Action Bronson has been holding it down for Queens since he first entered the rap game after a broken leg in January 2011 ended his culinary career. Today, after a four-year grind that has included mixtapes with The Alchemist (Rare Chandeliers), Statik Selektah (Well-Done), Party Supplies (Blue Chips and Blue Chips 2) and an EP with Harry Fraud (Saaab Stories), Bronson drops his debut album, Mr. Wonderful, on Vice/Atlantic Records.

It's been a slow and steady rise for the 2013 XXL Freshman. He's risen above beefs with other rappers, weathered comparisons to Ghostface Killah and won over fans with his tongue-in-cheek rhymes about fine foods and the golden age of wrestling. He's honed his craft and carved out a reputation as an MC who will rhyme over anything, be it traditional Turkish music or the glam of 1980s hair metal. Mr. Wonderful is an eclectic LP featuring the likes of Mark Ronson, 40, Chance The Rapper and go-to collaborators like The Alchemist and Party Supplies. For Bronson, there's nowhere he won't go in a hip-hop song and with his debut now on the shelves he has finally risen to a position of power within his circle of influence, one that can only get bigger from here.

With Mr. Wonderful finally here, XXL spent the day with Action Bronson last month to talk about his album, progression and the changes he sees in the hometown that molded him, much of which will be included in his upcoming feature in the next issue of XXL Magazine. Included here are the outtakes from that conversation. —XXL StaffInterview By Ernest Baker

XXL: Where does your inspiration come from?
Action Bronson: Everything makes me think of a rhyme. Situations, things I’m watching on TV. If I had my phone, I would be writing little notes. Then when you go back to the rhymes, you remember those things and fit those in and that spawns other ideas.

Since you’re such a hip-hop head, are you thinking about technical structure?
There’s no pattern, it’s just whatever. I don’t think about that. It’s no technical ways, it’s just if you get in the groove you stay in it for a second, then suddenly leave it. It’s spontaneous shit.

You’re ill at switching up flows.
You gotta constantly change, man. Sometimes you get too comfortable; I hear rappers using the same flow all the time. You’re gonna have the same flow usually on a lot of songs but you gotta change it up a little bit.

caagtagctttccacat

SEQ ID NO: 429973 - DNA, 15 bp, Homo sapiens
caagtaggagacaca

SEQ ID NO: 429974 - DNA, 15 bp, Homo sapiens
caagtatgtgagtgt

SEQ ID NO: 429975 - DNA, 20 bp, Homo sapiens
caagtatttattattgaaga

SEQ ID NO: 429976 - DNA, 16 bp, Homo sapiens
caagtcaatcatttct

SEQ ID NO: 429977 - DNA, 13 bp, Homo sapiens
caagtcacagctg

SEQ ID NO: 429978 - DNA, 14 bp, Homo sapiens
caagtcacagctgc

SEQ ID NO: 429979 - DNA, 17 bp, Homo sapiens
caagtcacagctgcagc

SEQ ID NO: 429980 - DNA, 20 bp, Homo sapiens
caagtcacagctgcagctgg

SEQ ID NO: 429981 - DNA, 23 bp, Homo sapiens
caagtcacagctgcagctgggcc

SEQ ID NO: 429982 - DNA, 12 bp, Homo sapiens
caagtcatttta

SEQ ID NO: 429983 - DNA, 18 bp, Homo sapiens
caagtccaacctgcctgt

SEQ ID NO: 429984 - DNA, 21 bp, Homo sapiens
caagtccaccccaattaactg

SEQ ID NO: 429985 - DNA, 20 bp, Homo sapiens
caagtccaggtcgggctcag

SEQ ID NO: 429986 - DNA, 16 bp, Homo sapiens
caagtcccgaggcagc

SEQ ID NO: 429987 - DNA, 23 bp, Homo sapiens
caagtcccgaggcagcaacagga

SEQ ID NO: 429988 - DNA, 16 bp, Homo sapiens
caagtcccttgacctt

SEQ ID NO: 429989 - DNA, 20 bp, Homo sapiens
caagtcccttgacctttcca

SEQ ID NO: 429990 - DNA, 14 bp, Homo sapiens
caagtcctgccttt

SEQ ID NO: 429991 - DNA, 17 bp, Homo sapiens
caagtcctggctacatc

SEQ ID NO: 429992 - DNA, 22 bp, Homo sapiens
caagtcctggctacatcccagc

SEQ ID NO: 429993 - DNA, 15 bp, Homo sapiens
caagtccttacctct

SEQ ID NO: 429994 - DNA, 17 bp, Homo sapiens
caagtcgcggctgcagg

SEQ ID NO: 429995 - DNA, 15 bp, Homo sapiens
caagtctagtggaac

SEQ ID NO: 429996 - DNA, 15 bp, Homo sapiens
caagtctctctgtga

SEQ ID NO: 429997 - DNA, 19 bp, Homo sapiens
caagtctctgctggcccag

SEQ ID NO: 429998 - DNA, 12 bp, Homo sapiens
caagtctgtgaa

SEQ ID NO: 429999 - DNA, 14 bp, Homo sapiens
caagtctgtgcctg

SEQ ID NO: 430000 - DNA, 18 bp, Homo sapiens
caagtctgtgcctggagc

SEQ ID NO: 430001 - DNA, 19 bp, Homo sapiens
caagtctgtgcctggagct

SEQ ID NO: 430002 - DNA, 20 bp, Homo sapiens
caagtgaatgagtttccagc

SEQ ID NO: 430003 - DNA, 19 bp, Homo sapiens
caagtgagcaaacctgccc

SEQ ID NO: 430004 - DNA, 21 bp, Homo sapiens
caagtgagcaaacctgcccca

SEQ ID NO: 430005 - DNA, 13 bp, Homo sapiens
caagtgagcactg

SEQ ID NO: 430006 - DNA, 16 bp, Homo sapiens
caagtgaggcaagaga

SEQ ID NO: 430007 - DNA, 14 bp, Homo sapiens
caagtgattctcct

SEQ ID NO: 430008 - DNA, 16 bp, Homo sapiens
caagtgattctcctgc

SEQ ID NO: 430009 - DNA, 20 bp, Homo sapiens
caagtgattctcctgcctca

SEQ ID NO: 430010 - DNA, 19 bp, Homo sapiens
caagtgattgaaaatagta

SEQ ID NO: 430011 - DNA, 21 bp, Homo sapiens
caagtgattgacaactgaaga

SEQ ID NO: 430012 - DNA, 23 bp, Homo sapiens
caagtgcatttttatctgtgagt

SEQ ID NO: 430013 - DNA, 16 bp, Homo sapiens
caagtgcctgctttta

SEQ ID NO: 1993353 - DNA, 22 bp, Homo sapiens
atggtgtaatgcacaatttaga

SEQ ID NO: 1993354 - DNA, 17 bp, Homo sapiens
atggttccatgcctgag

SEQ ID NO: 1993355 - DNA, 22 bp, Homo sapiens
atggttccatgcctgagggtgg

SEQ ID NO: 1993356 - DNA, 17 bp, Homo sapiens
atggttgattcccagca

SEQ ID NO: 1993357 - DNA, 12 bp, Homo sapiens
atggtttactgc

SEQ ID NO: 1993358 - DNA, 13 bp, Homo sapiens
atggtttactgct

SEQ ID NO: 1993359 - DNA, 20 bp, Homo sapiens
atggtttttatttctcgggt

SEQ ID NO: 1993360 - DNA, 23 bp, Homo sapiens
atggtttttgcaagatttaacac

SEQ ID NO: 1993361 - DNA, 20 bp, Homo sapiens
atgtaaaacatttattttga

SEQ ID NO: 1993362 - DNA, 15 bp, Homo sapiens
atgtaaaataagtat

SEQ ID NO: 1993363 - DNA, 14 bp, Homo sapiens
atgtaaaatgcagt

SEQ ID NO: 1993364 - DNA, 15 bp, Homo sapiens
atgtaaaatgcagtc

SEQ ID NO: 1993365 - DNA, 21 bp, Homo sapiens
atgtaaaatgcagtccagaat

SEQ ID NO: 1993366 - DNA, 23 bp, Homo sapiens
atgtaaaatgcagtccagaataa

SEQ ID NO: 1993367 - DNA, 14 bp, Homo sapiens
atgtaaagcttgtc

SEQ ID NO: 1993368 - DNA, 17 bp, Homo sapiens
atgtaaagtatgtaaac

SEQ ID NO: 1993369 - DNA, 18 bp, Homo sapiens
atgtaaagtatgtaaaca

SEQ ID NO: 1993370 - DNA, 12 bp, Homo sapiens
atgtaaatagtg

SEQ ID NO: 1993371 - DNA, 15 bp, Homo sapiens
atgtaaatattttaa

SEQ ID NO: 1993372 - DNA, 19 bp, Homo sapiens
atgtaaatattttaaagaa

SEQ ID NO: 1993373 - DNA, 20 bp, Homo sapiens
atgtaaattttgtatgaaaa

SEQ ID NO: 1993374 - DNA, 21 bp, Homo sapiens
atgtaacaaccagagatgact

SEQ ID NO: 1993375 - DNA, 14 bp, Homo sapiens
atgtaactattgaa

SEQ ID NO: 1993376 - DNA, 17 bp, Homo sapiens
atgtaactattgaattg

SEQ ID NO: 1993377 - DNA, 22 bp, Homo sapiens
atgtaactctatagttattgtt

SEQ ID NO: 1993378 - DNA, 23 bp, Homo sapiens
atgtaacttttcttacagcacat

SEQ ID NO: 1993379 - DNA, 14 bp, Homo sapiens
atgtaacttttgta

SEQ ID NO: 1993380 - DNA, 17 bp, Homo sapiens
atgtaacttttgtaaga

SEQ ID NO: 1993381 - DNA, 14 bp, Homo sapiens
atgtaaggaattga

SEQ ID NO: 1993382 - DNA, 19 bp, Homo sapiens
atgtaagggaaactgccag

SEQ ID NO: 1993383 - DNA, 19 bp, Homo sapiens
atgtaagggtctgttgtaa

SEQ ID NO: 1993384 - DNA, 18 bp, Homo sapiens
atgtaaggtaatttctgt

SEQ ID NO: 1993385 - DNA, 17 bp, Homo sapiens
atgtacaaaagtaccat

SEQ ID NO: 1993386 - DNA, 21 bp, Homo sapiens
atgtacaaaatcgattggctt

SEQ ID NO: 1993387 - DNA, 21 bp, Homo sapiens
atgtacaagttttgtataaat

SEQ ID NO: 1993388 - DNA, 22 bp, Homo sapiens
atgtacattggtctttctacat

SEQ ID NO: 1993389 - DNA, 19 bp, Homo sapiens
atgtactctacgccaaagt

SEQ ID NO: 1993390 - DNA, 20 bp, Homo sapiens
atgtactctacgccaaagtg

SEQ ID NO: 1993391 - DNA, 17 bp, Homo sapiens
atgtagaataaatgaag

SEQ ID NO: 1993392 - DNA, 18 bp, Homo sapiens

You can take a beat and make it unique with your own flow.
Look at what [Bobby] Shmurda did, that was a Lloyd Banks song, right?

Then look how everyone copied Shmurda’s flow after.
I don’t understand that with rap. It’s becoming like reggae. With reggae everyone uses the same rhythm, but they always change it up. Two different artists are never gonna sound like they’re using the same flow on that rhythm.

Why don’t you collaborate with many artists?
Don’t get it wrong. I’m not opposed to working with people, but do I wanna go out of my way to chase somebody to work? I’m open to working with people like that. If I want to work, I’ll work with them. We’re not just gonna fucking work because we’re rappers now. What the fuck is that? When you meet me, you don’t have to say, “Let’s work.” Could we just talk about something else? Naturally when rappers meet, “Yo, we gotta get in the studio.” No. Why? Sometimes you just don’t have to get in the studio, smoke a blunt, chill. See how things go here. I don’t wanna go out of my way 'cause there’s times you go out of your way and you’re let down.

It sounds like your art reflects your real life.
Of course. There’s a lot of muthafuckas that can’t speak about real shit because they’ve never been through it. You can’t tell me you’ve been through it 'cause you haven’t. You’re too young, it’s not you.